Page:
* * *

Like I said earlier, if another team comes along and makes a good offer for Pineda this offseason, then trade him. Carrying him into the season in hopes of getting better offers at the deadline is too risky to pass on a quality offer now. I don’t think that good offer is coming in the next few weeks though, in which case keeping Pineda is not just the best option, it’s the only option.

Pitching remains atop the Yankees’ shopping list for the remainder of the offseason

(Jim McIsaac/Getty)
(Jim McIsaac/Getty)

Welcome to 2017. Six weeks from today Yankees pitchers and catchers will report to Tampa for Spring Training, and the long journey that is the new season will begin. Six weeks sounds so close, doesn’t it? And yet, it’s still so far.

A lot can and will happen over the next six weeks, and hey, maybe some of it will even involve the Yankees. Word on the street is they need to clear payroll before making any other moves, though my guess is there’s still enough cash in the coffers for a small signing, should something present itself. I suppose we’ll find out soon enough.

Aside from two signings (Matt Holliday and Aroldis Chapman) and one trade (Brian McCann), the Yankees have been relatively quiet this winter. They signed Ruben Tejada and re-signed Donovan Solano to serve as infield depth, cleared out some 40-man roster clutter (Nick Goody, James Pazos, etc.), and that’s about it. Nothing too exciting.

And yet, there are still several key items remaining on New York’s offseason agenda, and there are still six weeks to accomplish them. This is typically the bargain hunting time of the offseason. Teams look for lower cost pickups to reinforce their roster after New Years, and the Yankees are no different. Here are their most important remaining pieces of offseason business.

Keep shopping Gardner and Headley

The Yankees have reportedly been shopping both Brett Gardner and Chase Headley this offseason — since the trade deadline, really — to no avail. Brian Cashman insists he’s rejected trade offers for both in recent weeks. I assume those offers were of the “we’ll give you this fringe prospect if you eat a ton of money” variety.

It sure seems like there are few landing spots for Gardner and even fewer for Headley. Aside from shedding salary, there’s no real urgency to unload Headley. It’s not like the Yankees have a young third baseman ready to step into the lineup. (I like Ronald Torreyes as much as anyone, but c’mon.) Keeping Headley is perfectly reasonable.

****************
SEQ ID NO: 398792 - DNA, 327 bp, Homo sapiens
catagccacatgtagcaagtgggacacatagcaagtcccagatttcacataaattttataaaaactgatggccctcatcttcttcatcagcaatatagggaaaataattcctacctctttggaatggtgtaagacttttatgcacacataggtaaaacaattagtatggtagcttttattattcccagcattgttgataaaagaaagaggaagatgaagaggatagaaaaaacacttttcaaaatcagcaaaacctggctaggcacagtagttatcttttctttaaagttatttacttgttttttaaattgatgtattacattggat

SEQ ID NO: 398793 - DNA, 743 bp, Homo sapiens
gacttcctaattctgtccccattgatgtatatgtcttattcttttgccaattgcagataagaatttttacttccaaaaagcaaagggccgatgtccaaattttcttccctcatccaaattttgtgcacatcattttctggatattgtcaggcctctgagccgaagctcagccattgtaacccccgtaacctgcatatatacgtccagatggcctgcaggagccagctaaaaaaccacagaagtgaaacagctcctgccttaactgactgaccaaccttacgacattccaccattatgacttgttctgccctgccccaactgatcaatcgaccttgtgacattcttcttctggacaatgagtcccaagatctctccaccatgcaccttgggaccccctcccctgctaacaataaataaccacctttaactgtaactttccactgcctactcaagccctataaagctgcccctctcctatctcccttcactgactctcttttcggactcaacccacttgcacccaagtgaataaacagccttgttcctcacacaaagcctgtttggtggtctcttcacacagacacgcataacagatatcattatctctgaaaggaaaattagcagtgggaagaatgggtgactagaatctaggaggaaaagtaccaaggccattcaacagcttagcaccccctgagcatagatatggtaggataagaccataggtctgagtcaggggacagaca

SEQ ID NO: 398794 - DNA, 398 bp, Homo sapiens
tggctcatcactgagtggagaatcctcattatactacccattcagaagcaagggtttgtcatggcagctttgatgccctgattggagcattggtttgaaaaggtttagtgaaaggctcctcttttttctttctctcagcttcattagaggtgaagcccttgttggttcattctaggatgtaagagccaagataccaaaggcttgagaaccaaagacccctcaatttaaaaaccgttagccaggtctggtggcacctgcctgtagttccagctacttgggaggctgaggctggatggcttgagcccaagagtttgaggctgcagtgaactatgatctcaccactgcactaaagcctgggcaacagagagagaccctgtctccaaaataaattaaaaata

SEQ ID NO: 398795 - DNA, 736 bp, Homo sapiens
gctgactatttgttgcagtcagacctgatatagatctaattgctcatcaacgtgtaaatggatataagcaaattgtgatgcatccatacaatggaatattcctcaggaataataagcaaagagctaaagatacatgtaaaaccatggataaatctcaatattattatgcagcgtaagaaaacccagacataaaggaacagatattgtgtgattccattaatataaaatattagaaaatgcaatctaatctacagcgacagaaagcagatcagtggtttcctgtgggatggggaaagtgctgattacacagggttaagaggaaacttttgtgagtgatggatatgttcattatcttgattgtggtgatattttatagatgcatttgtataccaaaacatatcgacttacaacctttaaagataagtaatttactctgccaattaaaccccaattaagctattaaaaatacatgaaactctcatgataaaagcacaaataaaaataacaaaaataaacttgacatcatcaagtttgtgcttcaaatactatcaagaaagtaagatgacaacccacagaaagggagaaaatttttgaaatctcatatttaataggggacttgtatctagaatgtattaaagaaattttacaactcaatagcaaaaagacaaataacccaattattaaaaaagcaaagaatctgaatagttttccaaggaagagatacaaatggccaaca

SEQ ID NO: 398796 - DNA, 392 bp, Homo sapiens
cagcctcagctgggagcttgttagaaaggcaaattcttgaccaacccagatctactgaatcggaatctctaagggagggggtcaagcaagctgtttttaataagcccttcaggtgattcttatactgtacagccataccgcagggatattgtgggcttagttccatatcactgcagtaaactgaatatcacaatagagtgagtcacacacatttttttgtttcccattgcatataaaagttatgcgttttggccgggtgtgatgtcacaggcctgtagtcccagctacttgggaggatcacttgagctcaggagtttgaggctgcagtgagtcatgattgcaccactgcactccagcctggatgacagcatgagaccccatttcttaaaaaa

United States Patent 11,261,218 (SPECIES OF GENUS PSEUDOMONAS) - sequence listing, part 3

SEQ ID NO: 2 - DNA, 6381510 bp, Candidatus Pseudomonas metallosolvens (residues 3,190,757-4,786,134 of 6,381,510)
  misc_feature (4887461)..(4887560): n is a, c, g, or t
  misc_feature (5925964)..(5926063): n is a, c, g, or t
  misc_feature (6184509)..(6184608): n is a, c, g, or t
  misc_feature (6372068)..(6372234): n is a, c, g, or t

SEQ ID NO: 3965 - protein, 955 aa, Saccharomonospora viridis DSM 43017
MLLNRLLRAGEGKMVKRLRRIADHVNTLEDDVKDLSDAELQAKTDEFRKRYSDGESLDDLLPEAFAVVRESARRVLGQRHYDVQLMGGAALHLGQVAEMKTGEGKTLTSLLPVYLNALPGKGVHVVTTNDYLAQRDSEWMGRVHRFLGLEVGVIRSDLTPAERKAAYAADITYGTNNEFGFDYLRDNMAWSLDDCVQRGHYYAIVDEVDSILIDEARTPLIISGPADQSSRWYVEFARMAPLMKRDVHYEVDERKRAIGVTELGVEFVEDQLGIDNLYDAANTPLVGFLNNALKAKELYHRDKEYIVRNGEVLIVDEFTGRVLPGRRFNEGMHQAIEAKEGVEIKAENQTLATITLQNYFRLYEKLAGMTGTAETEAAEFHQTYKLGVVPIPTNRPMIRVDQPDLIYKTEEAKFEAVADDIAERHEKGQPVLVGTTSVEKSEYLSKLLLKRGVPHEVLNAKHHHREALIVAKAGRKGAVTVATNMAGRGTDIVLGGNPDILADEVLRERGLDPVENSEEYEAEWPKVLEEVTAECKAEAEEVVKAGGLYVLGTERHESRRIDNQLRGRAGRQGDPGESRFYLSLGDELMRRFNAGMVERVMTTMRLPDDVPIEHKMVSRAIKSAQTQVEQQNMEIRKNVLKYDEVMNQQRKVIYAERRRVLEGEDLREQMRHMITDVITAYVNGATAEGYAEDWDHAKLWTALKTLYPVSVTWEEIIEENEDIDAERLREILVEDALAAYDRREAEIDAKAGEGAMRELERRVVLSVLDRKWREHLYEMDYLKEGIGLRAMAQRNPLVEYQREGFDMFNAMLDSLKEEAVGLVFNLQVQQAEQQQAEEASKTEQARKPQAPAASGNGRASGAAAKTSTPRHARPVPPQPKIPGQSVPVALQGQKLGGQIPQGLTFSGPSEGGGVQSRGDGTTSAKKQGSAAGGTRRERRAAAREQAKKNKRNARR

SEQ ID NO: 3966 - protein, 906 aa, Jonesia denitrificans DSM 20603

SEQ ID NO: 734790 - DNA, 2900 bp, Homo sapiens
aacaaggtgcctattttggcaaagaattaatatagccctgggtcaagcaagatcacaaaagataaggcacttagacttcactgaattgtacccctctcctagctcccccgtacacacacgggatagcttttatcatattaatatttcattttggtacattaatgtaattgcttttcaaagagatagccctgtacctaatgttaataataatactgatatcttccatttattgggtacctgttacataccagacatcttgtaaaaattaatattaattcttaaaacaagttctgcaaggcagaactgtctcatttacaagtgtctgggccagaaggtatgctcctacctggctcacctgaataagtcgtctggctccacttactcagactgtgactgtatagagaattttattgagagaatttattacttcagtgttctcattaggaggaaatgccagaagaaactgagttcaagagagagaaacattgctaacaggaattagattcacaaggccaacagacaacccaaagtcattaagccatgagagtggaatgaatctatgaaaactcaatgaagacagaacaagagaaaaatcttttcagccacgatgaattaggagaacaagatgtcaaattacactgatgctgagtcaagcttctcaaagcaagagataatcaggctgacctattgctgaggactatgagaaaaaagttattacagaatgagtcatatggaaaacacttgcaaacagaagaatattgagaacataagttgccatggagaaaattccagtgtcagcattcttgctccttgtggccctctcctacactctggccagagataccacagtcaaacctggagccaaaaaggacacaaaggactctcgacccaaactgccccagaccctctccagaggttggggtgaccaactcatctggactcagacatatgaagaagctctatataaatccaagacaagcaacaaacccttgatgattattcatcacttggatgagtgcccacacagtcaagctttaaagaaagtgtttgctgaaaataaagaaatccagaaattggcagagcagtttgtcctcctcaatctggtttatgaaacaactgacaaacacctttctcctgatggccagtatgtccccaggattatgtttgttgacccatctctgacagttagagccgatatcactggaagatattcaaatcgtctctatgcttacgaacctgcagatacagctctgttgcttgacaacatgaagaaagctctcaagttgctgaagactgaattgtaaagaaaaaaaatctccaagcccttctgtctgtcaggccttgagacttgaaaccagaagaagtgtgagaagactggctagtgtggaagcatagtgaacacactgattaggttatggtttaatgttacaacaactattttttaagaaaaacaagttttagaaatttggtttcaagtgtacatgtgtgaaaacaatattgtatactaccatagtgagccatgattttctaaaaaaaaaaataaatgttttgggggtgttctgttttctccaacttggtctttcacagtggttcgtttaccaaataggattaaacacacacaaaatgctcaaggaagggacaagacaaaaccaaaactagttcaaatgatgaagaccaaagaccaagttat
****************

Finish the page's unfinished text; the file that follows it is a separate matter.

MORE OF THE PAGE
The outfield is a different story. The Yankees have a ton of young players who could step in to replace Gardner, including Aaron Hicks, Mason Williams, and Clint Frazier. We shouldn’t rule out Tyler Austin or Rob Refsnyder either. Jacoby Ellsbury is close to unmovable, making Gardner the obvious trade candidate.

Try to dig up a starting pitcher

Last season Yankees starters ranked 15th in baseball in innings (915), 16th in FIP (4.40), and 19th in ERA (4.44) despite getting a damn near Cy Young caliber performance from Masahiro Tanaka and far more from CC Sabathia than anyone expected. And so far this offseason, the Yankees have made no moves to bolster the rotation.

Tanaka, Sabathia, and Michael Pineda are the three veterans who will be expected to lead the starting staff. The list of back-end starter candidates includes, but is not limited to, Chad Green, Bryan Mitchell, Luis Severino, and Luis Cessa. And you know what? We’re probably going to see all of them in 2017. No team makes it through a season with only five starters these days.

The free agent pitching market is really weak, especially now that Rich Hill and Ivan Nova are off the board, but there are no shortage of one-year contract candidates. There are reclamation projects (Brett Anderson, Tyson Ross), hangers-on (Jorge De La Rosa, Doug Fister), reliever-to-starter conversion candidates (Travis Wood, Trevor Cahill), and more.

Anderson. (Jamie Sabau/Getty)
Anderson. (Jamie Sabau/Getty)

Keep in mind young pitchers need their workloads monitored, and if the Yankees go into the season counting on the kids to fill two rotation spots as Hal Steinbrenner suggested, they could run into some workload trouble come August and September. Imagine needing to shut two or three starters down in September because they’ve hit their innings limit. Yikes.